An exemplary martial arts display was also a major highlight of the celebrations as martial warriors from various parts of the country – Akhada wrestlers of Madhya Pradesh, Dahal Thungri from Assam, Dand Patta from Maharashtra, Diwali of Uttar Pradesh, Raibanshe of West Bengal, Dandia Gair of Rajasthan, Talwar Raas of Gujarat, Ruk mar Nacha of Odissa, Kalaripayattu art from Kerala, Naibul Thangta of Manipur, gatka of Punjab and Silambattam martial Art from Tamil Nadu – performed together on stage in perfect synchrony.
Northeast India Rules
Northeast India, too, was beautifully represented by the Dimapur-based North East Zone Cultural Centre, which had facilitated the travel and performance of a more than 2,000-member troupe for the festivities. Thanks to the able leadership of its chairman Nagaland Governor Nikhil Kumar and its director Som Kamei, the Silver Jubilee celebrations had begun in the twin cities of Dimapur and Jorhat last month itself.
A Special North-eastern Folk music and Dance presentation, depicting the rich and unique cultural milieu of the region, was also held on the concluding day of the festival. Around tribal music and dance forms were displayed in the event, which was inaugurated by Hon’ble Shri Paban Singh Ghatowar, Minister of State (Independent Charge) for Development of North Eastern Region (DoNER).
The dance forms from the Northeast which were displayed during the concluding day celebrations included Maibul Thangta dance from Manipur, Wangla from Meghalaya, Juju- Jhajha from Arunachal Pradesh, Tamang Selo from Sikkim, Ngada dance by Rengma from Nagaland, Barat dance from Assam, Hozagiri dance form of Tripura, Punh Cholam of Manipur, Bro Zai of Arunachal Pradesh, Ka Shad Mastieh of Meghalya, Sangrai Mog from Tripura, Singhi chham dance of Sikkim, Dhol Cholam dance of Manipur and Bohag Bihu dance of Assam.
Food is culture too!
Besides art camps, folk dance, handloom and handicraft exhibition and music performances and cultural exchange events, a major highlight of the three-day celebration in Panchkula was the food festival which sought to display the culture of the varied zones of the country through the prism of its cuisine. And judging from the response of the people, North-eastern food, which has been labelled exotic by many, was a clear favourite.
The food street behind each mini village offered a range of traditional cuisines prepared by chefs who were brought in from their zones especially for the celebrations. The North East Zone Culture Centre had also set up stalls for each of the eight States. While the Assamese food stall offered traditional lip smacking delicacies like Black rice Pudding, Chicken coconut rice and Rice beer, the Manipuri food stall offers unheard but very delectable cuisines like Eromba, Sinju, Proautti, Pakoda and Natuga. The Naga Food stall was also very popular for its famed Chicken with bamboo shoots whereas the Sikkim food stall offered its range of Special noodles, momos and other Tibetean dishes. Assamese rice powder gur ladoo and til gur ladddoo were also much sought after by the visitors from outside.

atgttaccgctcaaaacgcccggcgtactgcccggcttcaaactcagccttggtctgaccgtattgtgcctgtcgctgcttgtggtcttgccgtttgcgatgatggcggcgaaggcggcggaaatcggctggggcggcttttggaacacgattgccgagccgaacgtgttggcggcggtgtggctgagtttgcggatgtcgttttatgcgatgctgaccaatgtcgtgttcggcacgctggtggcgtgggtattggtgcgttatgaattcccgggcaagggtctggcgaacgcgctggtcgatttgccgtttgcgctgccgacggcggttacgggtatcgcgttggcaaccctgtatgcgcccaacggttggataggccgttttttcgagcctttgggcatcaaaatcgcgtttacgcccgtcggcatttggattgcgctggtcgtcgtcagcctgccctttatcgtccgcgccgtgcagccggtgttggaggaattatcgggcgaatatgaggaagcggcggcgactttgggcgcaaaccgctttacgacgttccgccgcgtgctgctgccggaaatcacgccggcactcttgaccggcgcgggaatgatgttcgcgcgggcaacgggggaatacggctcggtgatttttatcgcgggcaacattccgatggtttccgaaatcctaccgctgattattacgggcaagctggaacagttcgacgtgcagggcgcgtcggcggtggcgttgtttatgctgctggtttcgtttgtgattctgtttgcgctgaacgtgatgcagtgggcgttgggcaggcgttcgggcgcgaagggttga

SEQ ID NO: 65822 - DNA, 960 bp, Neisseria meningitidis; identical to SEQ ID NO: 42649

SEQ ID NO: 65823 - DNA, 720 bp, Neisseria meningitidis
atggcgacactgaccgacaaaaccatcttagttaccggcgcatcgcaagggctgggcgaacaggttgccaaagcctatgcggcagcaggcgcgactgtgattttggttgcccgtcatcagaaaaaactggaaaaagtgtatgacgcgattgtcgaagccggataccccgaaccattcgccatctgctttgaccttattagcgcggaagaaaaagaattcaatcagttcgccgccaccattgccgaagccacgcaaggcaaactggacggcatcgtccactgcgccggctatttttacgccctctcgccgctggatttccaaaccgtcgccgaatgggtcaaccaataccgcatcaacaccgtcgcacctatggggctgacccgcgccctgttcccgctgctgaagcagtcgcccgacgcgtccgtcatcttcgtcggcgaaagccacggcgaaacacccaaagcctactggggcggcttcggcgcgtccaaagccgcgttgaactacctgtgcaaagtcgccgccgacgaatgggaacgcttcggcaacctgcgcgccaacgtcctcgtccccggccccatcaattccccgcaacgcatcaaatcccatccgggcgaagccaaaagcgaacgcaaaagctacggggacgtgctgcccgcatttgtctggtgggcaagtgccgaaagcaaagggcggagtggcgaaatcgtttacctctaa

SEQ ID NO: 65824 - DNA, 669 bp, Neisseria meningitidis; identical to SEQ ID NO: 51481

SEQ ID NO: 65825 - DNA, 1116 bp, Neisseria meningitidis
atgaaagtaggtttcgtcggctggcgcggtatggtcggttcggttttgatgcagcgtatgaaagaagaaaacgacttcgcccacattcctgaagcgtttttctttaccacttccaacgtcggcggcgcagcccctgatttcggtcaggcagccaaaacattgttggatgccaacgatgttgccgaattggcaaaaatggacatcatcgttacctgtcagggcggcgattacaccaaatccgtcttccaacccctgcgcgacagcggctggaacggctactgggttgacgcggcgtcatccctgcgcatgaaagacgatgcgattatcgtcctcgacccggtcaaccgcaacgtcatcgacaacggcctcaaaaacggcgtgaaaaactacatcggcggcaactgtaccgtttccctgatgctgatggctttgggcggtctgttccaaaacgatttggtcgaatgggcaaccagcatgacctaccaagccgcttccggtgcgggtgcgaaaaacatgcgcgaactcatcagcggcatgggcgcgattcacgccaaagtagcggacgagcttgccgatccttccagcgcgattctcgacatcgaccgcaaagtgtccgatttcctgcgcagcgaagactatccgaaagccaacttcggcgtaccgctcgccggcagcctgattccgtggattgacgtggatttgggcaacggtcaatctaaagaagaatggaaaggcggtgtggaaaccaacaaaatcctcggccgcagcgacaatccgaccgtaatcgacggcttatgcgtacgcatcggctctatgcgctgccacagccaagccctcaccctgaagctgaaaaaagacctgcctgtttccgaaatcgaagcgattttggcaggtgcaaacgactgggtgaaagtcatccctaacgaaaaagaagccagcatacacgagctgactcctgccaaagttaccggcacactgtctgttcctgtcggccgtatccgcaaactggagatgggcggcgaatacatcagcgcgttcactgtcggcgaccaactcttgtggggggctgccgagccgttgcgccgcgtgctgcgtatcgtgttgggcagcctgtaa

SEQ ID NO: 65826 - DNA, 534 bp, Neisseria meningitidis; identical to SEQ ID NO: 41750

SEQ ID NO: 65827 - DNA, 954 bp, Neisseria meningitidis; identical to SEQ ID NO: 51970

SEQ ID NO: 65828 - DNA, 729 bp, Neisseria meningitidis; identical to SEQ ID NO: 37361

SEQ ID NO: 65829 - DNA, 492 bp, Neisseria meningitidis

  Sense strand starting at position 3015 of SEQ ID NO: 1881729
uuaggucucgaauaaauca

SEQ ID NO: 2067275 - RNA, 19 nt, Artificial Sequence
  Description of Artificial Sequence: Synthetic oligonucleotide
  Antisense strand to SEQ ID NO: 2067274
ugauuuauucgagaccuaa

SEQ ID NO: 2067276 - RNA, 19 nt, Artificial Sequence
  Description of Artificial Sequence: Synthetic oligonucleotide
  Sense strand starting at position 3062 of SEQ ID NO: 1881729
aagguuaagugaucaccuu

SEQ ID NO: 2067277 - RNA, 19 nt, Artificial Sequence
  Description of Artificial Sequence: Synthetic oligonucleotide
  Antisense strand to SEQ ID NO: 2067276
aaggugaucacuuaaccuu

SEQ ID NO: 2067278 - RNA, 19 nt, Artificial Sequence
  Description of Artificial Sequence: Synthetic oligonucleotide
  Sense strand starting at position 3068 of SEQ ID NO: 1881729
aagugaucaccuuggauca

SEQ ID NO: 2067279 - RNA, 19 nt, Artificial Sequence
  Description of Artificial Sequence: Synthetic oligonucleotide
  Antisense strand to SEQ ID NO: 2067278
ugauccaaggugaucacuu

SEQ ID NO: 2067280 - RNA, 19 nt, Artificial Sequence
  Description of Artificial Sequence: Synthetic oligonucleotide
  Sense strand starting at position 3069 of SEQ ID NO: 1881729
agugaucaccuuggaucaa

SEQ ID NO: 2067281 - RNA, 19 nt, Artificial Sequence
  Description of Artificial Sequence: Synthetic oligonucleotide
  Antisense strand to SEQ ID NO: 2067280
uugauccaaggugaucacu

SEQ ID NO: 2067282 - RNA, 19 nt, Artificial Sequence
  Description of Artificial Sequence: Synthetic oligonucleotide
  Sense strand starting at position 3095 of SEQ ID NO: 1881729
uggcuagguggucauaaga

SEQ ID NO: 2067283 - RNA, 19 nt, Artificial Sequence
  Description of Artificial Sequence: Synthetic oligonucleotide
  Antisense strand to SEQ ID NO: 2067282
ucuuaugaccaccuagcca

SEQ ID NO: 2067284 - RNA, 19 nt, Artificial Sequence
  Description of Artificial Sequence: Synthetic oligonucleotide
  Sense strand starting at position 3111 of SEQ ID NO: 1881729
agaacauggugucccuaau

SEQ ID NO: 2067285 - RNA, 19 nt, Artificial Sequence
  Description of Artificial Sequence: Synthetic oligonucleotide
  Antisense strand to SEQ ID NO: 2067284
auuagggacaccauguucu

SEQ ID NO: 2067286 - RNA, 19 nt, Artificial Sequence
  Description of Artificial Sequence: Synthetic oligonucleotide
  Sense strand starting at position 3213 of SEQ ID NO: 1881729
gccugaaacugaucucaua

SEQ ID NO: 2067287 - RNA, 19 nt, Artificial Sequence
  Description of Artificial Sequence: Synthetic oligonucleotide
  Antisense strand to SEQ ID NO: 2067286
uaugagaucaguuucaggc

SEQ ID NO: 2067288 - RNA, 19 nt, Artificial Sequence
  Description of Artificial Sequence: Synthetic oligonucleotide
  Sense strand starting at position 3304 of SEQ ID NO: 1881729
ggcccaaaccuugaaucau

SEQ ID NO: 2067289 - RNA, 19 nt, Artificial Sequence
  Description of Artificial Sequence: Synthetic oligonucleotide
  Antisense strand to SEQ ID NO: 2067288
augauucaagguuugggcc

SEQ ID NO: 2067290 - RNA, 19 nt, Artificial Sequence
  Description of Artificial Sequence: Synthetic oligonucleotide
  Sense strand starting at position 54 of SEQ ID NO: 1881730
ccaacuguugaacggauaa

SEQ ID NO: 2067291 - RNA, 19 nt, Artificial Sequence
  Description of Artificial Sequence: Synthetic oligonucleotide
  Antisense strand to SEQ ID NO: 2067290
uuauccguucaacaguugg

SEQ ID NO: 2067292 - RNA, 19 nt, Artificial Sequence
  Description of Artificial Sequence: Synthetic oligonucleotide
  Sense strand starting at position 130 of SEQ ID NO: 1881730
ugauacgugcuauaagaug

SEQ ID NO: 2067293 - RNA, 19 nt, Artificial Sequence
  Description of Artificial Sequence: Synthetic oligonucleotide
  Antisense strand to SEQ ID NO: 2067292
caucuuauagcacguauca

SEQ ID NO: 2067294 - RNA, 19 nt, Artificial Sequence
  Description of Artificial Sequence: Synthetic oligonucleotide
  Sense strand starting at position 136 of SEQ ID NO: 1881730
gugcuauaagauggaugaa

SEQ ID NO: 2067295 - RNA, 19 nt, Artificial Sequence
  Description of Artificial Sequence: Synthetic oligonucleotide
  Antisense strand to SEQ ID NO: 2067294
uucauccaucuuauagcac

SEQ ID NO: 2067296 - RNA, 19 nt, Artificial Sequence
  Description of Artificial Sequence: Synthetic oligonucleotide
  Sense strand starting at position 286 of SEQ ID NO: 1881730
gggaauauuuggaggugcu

Not only the Northeast, the other Zones too laid down the best of its fares. While one at the Allahabad food stall couldn’t resist the temptation of tasting the Awadhi Dum Aaloo, Jalebi and the chaat papdi, the Maharashtrian food stall had Jawar ki roti and Baingan ka bharta. The popular Hyderabad food stall also served a variety of non vegetarian and vegetarian Biryani.
Art Should be Instrument of Change
The mega Silver Jubille celebrations of the ZCCs concluded amidst a lot of gaiety and merriment on April 16 last. As artists from various parts of the country came together on a common platform to project the diversity of the country, one could remember the words of late Zakir Hussain: “Arts should not only be a mirror of contemporary life but should function as an instrument of social change. There could be no better instrument than the medium of music, dance and drama to bring about national integration.”
For any organization, 25 years is a long time to look back in retrospect. As curtains came down on the celebration in the august presence of Hon’ble Union Minister of Culture Kumari Selja and Sh. H.E Shivraj V. Patil, the resolve of the people manning the ZCCs to usher in “development through culture” further deepened.